Participants can change their behavior just because they are being tested, rather than because of the study itself. For example, participants in an educational study who know they’re being studied may work harder than they would otherwise.

This is also called the Hawthorne effect.

Sampling bias

To generalize to a population, the participants being tested must be a representative sample of that population. The closer researchers can get to such a sample, the more likely their results are to generalize.

Setting effects

Study participants can sometimes be affected by the setting the study is conducted in. They may behave differently in a stuffy environment versus a relaxing one, for example. This limits the applicability of the results outside of that specific setting.

Comparing internal and external validity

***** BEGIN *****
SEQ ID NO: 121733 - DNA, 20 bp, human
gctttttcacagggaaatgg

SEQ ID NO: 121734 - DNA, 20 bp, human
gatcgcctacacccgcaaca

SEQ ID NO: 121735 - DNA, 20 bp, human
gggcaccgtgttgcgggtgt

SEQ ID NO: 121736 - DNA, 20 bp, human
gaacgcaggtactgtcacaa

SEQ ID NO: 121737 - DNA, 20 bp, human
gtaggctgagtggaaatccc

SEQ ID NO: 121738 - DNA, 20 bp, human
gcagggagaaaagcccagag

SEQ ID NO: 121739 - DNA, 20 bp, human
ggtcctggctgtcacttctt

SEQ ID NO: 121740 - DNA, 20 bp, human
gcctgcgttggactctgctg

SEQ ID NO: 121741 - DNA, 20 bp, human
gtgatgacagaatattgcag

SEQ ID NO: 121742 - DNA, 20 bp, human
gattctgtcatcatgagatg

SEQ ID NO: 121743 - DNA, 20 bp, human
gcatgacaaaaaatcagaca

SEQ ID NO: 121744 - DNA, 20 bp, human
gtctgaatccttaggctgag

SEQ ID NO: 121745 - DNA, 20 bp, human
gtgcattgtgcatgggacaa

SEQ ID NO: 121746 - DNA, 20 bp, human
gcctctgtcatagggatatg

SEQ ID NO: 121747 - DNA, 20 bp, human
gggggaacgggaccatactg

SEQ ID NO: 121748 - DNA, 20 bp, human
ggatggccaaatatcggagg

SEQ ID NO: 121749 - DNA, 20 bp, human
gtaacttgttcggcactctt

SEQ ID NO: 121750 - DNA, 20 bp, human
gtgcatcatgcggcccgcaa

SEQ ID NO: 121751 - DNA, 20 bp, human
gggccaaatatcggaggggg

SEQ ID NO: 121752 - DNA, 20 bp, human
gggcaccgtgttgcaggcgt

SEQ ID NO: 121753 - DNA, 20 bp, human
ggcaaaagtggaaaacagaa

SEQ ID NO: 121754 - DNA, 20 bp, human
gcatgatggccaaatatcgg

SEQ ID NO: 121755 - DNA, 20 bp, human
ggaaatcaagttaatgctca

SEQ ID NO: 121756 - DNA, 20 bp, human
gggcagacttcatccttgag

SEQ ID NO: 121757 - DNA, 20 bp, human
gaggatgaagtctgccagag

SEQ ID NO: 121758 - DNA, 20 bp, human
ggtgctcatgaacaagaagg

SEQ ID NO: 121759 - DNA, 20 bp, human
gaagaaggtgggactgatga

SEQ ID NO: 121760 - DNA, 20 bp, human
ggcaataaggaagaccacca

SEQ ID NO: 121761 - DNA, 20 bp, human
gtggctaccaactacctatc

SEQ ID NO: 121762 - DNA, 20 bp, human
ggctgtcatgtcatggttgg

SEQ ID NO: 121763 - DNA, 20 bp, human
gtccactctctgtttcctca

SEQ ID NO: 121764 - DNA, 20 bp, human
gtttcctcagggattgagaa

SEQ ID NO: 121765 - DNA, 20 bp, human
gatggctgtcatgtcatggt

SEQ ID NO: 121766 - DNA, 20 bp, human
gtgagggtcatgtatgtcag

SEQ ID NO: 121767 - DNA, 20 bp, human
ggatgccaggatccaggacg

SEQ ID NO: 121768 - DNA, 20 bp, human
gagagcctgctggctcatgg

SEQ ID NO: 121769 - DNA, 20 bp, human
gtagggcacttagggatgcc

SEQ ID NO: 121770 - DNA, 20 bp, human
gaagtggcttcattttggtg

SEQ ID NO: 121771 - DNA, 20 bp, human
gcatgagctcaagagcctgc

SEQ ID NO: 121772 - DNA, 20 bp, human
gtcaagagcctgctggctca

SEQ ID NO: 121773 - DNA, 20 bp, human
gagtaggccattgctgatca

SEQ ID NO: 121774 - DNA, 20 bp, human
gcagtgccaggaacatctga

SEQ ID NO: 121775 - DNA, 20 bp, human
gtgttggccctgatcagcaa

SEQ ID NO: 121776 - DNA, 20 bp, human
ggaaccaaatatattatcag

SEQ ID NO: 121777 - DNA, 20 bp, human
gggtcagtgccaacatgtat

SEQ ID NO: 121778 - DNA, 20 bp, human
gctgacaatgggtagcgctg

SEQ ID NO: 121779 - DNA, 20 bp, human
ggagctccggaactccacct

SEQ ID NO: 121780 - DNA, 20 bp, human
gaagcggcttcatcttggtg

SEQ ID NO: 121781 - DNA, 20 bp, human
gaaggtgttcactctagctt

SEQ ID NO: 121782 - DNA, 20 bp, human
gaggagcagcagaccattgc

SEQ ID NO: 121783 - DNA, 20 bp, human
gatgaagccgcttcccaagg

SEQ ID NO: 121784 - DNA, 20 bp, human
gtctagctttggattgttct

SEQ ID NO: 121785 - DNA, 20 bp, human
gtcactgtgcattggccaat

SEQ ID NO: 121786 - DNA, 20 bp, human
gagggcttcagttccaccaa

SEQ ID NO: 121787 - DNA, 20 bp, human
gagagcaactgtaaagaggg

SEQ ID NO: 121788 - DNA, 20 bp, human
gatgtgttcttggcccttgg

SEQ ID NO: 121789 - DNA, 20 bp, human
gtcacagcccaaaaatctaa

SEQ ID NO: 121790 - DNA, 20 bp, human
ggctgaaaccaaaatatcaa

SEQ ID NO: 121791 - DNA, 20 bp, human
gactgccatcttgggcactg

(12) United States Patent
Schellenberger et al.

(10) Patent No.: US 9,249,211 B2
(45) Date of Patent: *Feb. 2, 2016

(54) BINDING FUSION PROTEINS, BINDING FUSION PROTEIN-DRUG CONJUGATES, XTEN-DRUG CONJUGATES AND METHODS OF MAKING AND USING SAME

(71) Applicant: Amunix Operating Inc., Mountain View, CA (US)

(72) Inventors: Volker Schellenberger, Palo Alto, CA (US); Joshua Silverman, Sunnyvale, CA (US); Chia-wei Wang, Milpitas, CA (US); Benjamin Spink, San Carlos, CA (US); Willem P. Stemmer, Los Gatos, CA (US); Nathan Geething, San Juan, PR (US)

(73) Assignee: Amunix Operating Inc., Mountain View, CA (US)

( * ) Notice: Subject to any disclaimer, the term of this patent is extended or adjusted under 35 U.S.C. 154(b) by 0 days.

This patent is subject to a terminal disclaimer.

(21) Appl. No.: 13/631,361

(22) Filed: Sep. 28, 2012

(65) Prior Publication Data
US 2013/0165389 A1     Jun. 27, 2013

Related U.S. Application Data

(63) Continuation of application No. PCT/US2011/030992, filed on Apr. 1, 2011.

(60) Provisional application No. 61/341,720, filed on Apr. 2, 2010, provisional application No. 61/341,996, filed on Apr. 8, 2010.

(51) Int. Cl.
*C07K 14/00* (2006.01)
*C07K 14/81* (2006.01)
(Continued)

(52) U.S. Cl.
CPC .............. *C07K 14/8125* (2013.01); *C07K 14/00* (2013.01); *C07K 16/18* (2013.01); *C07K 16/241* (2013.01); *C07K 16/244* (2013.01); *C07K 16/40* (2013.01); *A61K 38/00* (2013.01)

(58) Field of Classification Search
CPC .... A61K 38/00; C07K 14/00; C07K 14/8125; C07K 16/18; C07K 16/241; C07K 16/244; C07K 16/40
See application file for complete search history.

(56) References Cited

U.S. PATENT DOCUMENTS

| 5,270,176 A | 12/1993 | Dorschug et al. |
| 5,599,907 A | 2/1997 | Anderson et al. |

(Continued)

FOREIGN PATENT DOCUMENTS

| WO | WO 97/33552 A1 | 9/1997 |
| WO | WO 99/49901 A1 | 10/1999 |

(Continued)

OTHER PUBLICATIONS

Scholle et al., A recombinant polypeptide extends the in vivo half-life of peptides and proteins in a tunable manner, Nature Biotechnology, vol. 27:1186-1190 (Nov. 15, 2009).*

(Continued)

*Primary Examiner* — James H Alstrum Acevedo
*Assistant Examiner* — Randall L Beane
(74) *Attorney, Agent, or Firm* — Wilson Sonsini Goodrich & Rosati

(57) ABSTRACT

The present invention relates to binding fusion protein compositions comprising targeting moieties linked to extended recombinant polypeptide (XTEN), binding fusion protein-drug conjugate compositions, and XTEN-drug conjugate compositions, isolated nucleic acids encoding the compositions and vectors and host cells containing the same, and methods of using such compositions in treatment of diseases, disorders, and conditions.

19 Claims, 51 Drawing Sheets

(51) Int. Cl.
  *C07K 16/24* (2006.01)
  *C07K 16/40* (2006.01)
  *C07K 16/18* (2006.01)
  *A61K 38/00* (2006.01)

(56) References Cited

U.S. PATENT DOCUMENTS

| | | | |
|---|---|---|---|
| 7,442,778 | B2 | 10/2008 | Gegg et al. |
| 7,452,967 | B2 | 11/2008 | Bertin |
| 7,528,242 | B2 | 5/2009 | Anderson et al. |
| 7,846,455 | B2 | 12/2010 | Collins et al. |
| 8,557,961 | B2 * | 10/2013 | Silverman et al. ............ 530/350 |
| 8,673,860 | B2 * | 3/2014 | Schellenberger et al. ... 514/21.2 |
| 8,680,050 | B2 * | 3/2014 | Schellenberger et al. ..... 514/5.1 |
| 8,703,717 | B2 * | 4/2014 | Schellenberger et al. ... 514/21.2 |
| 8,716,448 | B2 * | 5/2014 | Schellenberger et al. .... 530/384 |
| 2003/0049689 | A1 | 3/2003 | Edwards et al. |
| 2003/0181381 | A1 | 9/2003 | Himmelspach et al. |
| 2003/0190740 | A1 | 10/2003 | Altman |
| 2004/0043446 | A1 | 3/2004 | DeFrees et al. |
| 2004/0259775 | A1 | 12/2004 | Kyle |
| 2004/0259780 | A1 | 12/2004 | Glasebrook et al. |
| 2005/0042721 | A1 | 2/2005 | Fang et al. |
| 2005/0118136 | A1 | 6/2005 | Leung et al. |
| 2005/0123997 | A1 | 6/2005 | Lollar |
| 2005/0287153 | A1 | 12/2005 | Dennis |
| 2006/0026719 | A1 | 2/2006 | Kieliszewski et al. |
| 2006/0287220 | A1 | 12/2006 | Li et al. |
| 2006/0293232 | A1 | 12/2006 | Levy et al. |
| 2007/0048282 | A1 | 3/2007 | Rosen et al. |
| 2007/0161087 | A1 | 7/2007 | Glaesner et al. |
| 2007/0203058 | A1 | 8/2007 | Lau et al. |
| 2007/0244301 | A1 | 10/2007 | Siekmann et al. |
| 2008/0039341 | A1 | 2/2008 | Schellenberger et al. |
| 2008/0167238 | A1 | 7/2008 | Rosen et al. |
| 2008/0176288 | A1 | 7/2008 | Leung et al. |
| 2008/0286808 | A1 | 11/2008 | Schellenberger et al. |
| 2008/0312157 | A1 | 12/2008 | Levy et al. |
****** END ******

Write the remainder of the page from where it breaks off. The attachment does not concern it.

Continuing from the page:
As you consider the factors that might impact internal and external validity, you may be able to imagine some overlap between them.

Although distinct in their definitions, the factors that impact them are not as cut and dry. Some factors may have a bigger impact on one form of validity than the other, but often, failing to account for something you should have impacts both.

The opposite is also true. Ensuring internal validity sometimes means sacrificing external validity.

In fact, external validity is not always possible. Studies with small sample sizes or very specific populations of study will not generalize well. This doesn’t mean those studies are invaluable, though. Determining cause and effect is still an important aspect of science.

Finding the right balance

In situations where improving internal validity might sacrifice external validity—or vice versa—researchers need to decide which type they will focus on.